Not marketing: making the results say what you want them to say.

    I can do that too!


    Nov 18, 2005
    11:34 AM EDT

    I think that that comparison was on cost alone, throwing the mainframe in the mix made the "Linux" mail server cost much more than the Windows.

    Bynari and Linux cost less, it was the hardware specs that skewed the results.

    "New study shows that Windows Vista and a pack of gum cost much less than Linux and the Wrigley Building."

    Nov 18, 2005
    11:36 AM EDT
    number6x: I understand. We used to get better performance on a $4000 xSeries than a $1million S/390.

    Nov 20, 2005
    7:19 AM EDT
    After thoroughly reading the study, I was really impressed with the fact that the Windows users recruited had significantly more experience than the Linux users. I also found it interesting that they started with an unpatched version of Linux vs Windows 2000 SP4 (signifying that Windows had already gone through significant patching). I also noted that when they installed a major component on Linux that required newer versions of various applications, they decided to stray from the distribution supported updates instead of just doing the release upgrade at that time. If they had upgraded at the beginning when called for, they more than likely would not have experienced dependency issues, and the fact that they couldn't reboot after 10 hours really shows the lack of skills in the Linux administrators.

    While I agree that supportability is a major factor in upgrading a server OS, New feature requirements is also a major factor. This area is where Windows really lacks. There aren't very many new features between W2k & W2k3, just more bandaids and a pretty wrapper. You can't heal a wound just by changing from a Snoopy bandaid to a Scooby-Doo bandaid. Without proper care, the underlying wound just festers, waiting for an infection.

    Also of note, none of the Linux patches were specified, making me wonder what patches were required. If they were specific to vulnerabilities, they should have been listed. If they were things like "Vim causes a buffer overflow when editing piped input from /proc/kcore, causing xmms to corrupt an id3 tag in the song currently playing", who cares? (note, this is a fictional bug, although I have seen similarly obscure bugs being reported). I recently upgraded my heavily modified Mandrake 10.1 desktop/server system to Mandriva 2006. Yes, I did run into some issues with components I had that were outside the distribution, but I planned for those before hand by installing them outside the normal distribution path (/usr/local). That way, I could figure out what components were broken, and what external components were integrated with the distribution and no longer needed. And if they really needed to upgrade glibc, why not install it locally to the application that needed it?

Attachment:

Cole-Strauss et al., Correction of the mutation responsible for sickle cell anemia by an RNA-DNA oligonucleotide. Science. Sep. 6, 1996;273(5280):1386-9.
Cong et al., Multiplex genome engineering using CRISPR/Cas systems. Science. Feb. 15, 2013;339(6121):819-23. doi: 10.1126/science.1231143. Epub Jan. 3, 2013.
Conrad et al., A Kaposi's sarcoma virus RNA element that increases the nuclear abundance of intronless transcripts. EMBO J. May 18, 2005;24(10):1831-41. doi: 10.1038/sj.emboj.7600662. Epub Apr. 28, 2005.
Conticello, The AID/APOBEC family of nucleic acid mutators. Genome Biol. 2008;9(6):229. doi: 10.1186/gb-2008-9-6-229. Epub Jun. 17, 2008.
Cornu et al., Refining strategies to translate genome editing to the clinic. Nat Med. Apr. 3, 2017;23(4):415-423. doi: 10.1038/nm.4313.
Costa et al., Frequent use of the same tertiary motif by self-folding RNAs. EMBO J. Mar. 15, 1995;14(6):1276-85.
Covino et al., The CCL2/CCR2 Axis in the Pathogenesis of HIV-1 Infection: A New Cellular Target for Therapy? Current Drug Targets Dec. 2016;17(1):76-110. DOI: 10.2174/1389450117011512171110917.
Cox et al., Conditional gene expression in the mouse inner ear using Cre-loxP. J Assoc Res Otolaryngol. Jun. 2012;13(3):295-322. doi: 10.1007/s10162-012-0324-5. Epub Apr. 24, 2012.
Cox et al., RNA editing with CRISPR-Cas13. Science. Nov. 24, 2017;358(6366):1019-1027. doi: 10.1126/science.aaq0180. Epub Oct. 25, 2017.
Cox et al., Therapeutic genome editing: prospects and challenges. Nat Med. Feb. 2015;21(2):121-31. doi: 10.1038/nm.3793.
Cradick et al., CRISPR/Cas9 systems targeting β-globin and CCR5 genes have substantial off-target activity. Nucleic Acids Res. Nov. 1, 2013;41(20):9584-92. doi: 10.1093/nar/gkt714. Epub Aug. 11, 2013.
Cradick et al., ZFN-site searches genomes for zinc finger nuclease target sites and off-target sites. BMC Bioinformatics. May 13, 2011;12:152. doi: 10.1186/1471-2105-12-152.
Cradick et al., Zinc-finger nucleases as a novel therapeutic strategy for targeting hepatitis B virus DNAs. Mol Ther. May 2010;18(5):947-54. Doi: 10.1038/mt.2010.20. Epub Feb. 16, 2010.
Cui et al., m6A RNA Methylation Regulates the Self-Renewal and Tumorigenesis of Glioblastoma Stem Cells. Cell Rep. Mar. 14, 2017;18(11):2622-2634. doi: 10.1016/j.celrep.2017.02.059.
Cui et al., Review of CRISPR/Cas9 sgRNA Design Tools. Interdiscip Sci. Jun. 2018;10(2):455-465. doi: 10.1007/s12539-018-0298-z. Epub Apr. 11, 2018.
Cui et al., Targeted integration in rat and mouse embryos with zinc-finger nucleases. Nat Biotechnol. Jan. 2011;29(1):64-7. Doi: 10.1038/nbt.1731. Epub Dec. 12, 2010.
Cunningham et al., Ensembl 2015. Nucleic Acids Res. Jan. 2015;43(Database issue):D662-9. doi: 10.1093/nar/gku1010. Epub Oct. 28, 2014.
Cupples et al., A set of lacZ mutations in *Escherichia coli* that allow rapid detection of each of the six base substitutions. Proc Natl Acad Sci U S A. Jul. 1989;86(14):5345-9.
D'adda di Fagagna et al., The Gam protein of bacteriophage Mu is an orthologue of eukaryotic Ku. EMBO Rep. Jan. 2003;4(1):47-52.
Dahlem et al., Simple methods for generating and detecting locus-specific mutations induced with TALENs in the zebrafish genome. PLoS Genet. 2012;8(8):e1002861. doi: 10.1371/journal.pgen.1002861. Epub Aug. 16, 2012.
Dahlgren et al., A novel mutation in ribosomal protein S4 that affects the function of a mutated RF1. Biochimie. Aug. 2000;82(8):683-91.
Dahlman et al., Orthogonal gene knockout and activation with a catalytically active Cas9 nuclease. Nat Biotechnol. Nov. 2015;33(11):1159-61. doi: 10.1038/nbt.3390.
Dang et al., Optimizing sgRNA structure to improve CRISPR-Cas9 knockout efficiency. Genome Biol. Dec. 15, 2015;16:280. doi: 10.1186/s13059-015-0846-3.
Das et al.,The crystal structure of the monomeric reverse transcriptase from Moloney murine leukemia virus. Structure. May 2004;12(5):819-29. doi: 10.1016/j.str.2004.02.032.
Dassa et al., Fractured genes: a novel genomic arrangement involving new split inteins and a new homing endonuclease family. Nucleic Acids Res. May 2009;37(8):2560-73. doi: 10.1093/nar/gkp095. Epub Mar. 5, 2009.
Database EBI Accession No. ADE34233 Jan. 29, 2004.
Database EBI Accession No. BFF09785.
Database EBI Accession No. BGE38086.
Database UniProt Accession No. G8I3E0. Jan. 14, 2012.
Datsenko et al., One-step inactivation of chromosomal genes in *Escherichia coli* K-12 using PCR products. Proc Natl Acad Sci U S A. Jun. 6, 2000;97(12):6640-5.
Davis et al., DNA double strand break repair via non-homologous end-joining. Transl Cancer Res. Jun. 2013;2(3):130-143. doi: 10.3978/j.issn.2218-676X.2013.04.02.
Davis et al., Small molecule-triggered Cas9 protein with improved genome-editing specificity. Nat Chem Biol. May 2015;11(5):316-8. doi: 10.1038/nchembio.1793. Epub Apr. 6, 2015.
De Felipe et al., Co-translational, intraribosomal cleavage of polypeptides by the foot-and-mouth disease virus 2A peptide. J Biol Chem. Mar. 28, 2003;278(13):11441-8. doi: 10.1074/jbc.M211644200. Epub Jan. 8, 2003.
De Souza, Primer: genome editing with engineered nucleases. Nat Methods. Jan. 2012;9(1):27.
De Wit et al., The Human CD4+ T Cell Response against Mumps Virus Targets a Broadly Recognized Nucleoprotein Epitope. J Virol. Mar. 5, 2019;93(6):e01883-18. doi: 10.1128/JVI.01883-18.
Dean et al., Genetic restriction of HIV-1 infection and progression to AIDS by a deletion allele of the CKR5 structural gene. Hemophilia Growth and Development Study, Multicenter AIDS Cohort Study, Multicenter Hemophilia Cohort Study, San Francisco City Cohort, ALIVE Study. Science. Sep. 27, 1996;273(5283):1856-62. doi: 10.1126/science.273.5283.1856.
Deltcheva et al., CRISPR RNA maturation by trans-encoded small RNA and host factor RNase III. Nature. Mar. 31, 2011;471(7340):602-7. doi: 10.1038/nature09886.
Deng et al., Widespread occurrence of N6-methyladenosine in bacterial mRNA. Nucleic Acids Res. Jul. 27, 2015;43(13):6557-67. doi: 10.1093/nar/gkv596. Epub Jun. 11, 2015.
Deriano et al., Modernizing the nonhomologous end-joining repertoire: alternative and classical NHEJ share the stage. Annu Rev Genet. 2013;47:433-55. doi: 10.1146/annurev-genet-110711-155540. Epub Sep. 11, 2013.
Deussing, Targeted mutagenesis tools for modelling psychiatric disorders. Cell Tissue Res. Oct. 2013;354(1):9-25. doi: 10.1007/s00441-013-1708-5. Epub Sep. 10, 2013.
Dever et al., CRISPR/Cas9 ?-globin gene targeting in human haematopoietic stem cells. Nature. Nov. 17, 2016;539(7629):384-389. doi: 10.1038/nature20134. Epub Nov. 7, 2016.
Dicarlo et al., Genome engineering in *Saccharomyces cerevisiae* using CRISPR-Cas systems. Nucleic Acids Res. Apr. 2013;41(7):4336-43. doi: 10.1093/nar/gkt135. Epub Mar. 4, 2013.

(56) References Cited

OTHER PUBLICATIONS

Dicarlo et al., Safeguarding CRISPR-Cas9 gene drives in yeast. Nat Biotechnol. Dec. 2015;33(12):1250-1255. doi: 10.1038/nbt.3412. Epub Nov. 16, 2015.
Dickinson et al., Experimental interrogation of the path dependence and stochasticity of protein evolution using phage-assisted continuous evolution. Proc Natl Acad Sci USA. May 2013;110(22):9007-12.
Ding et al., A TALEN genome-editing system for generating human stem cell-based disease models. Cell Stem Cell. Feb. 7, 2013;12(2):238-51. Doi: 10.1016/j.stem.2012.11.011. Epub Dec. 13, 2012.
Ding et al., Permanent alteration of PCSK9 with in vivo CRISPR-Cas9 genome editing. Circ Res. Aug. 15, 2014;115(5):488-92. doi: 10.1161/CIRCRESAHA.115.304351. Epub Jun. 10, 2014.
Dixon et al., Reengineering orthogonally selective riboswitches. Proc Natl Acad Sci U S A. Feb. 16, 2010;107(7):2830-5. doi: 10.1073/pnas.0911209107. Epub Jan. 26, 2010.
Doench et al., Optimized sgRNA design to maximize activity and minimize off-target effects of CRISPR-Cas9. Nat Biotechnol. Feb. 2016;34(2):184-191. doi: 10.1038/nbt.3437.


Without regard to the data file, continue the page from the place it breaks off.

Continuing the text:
Not once in the study did it really go into performance, or reliability, areas that Linux really shines. I almost wonder if they even bothered using identical hardware.

    As far as 3rd party developers using later rev's to develop their products, they usually do that due to major innovations in the newer software (MySQL 3.23 -> MySQL 4.1 had major feature changes to the core, increasing reliability and performance).

    I have been a Linux user since 1996, and started doing Linux administration in 1999. I am completely self taught (go O'Reilly!), and have successfully rebuilt a CPU optimized distribution from source (Redhat 7.1), deployed an Apache/MySQL/PHP server, developed a few kernel drivers for in-house proprietary test equipment, and deployed a test farm of ~250 systems spread across 3 countries globally (before my job was outsourced - gotta love the corporate mentality).